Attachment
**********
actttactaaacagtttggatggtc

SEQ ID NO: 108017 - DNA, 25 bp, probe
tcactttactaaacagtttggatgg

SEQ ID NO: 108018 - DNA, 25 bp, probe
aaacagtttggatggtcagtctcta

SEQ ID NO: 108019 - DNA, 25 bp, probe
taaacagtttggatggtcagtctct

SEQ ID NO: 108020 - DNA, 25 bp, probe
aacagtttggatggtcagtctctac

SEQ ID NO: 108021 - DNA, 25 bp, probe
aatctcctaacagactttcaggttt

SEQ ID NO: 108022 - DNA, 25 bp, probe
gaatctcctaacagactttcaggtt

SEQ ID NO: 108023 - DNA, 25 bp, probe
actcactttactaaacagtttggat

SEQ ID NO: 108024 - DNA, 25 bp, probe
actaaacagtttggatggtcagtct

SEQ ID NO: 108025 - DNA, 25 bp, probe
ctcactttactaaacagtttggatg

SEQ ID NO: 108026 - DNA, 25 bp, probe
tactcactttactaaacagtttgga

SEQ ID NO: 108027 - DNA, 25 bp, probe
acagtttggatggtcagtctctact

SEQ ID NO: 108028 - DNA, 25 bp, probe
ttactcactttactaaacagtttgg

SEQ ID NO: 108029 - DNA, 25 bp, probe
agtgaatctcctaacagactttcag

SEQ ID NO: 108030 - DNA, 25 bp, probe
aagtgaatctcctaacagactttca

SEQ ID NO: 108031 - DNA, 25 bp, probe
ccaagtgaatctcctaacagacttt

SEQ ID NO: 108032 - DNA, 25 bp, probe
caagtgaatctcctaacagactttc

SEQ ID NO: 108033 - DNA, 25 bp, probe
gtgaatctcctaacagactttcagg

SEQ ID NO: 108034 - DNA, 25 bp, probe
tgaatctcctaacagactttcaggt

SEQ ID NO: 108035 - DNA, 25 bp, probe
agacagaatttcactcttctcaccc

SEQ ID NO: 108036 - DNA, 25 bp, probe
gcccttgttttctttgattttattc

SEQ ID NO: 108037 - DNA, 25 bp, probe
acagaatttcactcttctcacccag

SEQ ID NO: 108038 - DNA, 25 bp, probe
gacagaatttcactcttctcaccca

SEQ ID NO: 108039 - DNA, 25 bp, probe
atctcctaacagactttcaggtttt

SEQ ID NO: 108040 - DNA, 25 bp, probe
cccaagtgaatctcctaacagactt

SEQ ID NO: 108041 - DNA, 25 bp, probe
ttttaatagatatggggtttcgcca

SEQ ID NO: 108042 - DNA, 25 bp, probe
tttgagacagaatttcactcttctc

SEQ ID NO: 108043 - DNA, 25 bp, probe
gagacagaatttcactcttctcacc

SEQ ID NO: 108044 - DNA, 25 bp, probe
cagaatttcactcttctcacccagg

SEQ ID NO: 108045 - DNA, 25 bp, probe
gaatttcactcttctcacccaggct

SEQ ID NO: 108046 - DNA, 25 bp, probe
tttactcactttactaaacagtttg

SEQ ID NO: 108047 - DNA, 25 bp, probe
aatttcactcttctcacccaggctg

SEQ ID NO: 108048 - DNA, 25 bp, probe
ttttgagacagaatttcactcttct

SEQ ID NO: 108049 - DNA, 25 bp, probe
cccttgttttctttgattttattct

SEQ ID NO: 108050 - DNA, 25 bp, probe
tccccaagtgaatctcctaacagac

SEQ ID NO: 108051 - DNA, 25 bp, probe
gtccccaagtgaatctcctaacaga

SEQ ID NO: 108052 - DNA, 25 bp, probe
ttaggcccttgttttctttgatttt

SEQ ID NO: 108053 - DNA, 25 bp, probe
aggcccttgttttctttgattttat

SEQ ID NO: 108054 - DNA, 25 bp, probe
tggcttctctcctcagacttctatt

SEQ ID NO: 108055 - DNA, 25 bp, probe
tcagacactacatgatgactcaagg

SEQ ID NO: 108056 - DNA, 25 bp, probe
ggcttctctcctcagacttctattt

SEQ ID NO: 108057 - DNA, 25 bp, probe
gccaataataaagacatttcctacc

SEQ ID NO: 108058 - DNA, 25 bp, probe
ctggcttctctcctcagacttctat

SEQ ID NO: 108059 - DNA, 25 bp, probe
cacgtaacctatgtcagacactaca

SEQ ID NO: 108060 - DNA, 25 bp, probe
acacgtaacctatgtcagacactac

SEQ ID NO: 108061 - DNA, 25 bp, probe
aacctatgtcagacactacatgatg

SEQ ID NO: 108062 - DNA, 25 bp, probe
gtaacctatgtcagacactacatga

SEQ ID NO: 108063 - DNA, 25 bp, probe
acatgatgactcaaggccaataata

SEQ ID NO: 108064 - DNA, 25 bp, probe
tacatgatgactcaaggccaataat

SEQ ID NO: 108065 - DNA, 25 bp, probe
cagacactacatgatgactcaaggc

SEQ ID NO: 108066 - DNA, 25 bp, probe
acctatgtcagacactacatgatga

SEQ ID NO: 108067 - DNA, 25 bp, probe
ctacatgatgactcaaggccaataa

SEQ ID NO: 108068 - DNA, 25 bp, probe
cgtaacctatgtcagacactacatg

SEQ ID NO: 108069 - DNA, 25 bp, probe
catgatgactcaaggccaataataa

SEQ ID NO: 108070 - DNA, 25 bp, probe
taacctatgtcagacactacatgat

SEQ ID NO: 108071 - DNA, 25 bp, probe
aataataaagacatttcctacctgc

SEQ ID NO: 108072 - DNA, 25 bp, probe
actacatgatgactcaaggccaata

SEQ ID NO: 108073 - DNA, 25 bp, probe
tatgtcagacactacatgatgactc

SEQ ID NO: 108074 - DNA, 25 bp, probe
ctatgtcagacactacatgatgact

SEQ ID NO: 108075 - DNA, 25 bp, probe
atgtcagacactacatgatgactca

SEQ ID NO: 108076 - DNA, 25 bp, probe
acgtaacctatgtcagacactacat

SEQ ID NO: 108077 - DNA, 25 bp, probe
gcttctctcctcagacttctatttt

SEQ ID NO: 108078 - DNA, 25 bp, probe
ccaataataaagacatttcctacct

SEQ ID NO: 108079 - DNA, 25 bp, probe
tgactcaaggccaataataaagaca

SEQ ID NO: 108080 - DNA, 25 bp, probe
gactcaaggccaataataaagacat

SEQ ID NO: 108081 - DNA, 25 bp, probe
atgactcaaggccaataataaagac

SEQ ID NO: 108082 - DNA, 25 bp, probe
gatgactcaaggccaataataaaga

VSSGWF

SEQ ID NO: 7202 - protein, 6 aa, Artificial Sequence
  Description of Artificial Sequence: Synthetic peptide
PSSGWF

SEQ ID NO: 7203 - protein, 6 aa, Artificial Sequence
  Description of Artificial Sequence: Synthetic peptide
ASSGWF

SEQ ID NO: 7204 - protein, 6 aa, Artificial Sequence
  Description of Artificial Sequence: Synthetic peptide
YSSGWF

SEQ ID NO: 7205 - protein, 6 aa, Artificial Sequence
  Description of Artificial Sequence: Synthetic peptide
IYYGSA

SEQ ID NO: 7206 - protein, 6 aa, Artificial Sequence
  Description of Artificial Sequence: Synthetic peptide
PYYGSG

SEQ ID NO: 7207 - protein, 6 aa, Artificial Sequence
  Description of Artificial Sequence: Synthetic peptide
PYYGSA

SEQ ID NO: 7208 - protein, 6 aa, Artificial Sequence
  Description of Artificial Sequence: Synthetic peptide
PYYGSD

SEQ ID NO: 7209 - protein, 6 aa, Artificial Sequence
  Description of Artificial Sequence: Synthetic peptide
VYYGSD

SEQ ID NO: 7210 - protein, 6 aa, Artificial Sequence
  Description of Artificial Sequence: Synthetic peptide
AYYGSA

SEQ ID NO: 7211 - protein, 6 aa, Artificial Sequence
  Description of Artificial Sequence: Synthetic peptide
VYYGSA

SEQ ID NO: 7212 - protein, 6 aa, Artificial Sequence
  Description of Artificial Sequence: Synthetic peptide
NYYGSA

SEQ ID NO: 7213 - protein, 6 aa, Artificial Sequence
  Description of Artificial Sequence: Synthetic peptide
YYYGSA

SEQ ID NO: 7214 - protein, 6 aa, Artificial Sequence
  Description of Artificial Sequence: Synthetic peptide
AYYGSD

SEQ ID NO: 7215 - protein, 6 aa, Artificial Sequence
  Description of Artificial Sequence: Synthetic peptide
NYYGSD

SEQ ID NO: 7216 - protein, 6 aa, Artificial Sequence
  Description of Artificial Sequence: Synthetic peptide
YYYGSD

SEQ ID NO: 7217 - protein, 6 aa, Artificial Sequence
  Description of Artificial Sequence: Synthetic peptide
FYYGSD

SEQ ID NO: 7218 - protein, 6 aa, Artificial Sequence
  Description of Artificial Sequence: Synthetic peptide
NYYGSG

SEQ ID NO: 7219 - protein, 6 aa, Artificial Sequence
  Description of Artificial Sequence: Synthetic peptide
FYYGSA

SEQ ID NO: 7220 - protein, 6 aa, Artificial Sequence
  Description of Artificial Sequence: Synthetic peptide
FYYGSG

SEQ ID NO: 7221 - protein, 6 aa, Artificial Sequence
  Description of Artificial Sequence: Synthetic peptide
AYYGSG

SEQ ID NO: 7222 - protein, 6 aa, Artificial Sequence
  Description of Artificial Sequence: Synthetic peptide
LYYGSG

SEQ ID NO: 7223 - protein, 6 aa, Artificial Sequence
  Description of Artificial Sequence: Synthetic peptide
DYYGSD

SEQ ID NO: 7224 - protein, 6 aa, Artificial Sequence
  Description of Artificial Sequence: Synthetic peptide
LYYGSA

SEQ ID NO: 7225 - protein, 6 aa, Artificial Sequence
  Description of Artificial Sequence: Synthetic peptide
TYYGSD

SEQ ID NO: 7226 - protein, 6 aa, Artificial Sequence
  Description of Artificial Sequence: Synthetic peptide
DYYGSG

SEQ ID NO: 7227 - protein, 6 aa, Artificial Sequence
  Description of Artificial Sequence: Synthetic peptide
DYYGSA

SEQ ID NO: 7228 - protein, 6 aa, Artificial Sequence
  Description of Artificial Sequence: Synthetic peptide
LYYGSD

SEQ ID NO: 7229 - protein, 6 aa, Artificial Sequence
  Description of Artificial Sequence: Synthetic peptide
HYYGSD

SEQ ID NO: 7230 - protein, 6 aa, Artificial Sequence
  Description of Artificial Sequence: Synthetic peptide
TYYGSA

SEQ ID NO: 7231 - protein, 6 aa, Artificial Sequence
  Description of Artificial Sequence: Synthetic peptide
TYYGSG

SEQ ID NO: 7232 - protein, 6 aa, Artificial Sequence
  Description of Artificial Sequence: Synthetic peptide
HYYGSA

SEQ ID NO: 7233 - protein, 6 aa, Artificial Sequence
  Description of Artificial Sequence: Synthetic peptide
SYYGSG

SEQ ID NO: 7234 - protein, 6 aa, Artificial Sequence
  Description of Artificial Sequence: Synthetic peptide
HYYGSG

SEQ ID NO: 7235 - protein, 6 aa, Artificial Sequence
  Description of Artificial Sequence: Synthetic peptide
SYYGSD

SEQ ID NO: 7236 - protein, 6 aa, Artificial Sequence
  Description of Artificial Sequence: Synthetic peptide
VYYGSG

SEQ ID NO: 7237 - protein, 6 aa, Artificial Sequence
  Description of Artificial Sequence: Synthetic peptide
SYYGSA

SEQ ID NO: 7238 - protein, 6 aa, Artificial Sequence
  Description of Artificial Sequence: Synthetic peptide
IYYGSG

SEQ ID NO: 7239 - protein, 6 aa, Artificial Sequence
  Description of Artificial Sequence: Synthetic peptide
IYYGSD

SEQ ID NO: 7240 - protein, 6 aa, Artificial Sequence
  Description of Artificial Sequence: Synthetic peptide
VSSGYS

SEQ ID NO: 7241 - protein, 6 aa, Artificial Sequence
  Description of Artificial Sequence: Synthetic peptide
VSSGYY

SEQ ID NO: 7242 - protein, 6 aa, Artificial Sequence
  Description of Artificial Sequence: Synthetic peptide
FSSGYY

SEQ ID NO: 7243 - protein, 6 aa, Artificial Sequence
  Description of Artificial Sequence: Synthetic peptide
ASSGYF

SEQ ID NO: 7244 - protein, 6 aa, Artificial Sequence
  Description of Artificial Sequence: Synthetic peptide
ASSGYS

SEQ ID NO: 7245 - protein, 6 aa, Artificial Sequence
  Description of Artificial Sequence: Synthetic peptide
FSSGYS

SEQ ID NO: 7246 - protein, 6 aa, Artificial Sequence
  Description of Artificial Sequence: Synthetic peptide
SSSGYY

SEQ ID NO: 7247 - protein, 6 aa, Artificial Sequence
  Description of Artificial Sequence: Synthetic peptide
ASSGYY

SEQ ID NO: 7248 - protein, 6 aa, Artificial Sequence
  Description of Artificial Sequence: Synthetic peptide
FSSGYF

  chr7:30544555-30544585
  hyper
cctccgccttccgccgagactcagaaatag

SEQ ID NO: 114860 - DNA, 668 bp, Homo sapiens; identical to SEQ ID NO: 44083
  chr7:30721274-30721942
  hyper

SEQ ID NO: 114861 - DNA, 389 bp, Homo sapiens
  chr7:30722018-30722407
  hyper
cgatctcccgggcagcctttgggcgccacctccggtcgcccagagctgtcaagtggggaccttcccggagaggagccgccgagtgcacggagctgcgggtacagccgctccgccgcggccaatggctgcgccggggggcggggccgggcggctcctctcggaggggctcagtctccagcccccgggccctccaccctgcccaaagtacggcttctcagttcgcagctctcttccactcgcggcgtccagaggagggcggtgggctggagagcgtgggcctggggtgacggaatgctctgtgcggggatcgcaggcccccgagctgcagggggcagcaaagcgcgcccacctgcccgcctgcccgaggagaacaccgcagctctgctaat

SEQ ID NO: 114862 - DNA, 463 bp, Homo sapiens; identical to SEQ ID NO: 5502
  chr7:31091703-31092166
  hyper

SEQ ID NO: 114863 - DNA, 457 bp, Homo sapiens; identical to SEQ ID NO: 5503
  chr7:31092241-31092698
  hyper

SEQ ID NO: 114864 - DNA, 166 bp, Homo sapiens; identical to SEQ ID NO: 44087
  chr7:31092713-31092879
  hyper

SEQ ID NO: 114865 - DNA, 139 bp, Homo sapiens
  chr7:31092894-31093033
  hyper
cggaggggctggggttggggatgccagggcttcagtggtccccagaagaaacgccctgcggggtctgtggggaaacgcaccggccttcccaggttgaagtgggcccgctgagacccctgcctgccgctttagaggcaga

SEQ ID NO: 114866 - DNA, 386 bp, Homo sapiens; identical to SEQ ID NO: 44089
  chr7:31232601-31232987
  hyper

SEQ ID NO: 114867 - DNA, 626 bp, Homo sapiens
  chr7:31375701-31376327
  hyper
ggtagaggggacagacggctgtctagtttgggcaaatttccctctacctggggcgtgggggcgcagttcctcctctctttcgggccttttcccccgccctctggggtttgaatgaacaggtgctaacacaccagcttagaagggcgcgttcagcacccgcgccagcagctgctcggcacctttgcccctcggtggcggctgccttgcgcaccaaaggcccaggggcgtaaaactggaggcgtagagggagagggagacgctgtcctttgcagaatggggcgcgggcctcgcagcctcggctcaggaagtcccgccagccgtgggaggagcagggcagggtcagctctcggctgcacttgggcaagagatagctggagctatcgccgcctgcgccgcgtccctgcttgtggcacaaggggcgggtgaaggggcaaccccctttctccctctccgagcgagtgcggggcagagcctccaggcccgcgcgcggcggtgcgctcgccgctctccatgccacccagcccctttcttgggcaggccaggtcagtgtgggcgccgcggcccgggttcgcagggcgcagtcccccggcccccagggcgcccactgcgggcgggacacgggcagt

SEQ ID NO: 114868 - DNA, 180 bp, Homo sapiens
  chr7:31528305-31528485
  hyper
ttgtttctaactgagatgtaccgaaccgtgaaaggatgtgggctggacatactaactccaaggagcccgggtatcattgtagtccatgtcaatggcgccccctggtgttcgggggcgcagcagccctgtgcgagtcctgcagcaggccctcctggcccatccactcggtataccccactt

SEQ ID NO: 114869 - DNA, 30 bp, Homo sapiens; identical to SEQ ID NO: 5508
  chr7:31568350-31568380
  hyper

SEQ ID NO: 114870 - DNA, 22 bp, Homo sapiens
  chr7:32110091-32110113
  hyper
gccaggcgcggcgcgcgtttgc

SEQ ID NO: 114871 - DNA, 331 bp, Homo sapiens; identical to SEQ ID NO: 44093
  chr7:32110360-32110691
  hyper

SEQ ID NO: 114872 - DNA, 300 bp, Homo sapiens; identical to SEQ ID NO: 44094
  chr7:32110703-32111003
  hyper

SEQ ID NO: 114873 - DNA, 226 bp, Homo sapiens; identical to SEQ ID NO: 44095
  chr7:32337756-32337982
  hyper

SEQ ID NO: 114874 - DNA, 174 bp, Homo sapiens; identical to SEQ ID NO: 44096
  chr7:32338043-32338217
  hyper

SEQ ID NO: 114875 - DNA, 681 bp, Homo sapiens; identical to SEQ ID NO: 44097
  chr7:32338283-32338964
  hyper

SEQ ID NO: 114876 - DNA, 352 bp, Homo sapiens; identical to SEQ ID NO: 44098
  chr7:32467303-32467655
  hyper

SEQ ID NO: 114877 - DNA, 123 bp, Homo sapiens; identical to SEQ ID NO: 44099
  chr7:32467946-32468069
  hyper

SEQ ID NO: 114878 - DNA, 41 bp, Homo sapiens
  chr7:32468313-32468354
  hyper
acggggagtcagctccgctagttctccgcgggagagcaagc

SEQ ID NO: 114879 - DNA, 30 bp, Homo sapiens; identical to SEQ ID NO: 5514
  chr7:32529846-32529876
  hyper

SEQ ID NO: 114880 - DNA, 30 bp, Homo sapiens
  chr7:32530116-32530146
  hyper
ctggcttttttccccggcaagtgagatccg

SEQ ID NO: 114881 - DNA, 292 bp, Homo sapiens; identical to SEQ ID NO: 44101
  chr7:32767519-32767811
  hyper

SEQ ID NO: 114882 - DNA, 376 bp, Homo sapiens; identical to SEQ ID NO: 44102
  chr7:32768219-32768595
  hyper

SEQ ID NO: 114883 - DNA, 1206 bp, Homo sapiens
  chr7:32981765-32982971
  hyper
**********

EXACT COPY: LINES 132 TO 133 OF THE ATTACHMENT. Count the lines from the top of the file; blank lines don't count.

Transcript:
SEQ ID NO: 108082 - DNA, 25 bp, probe
gatgactcaaggccaataataaaga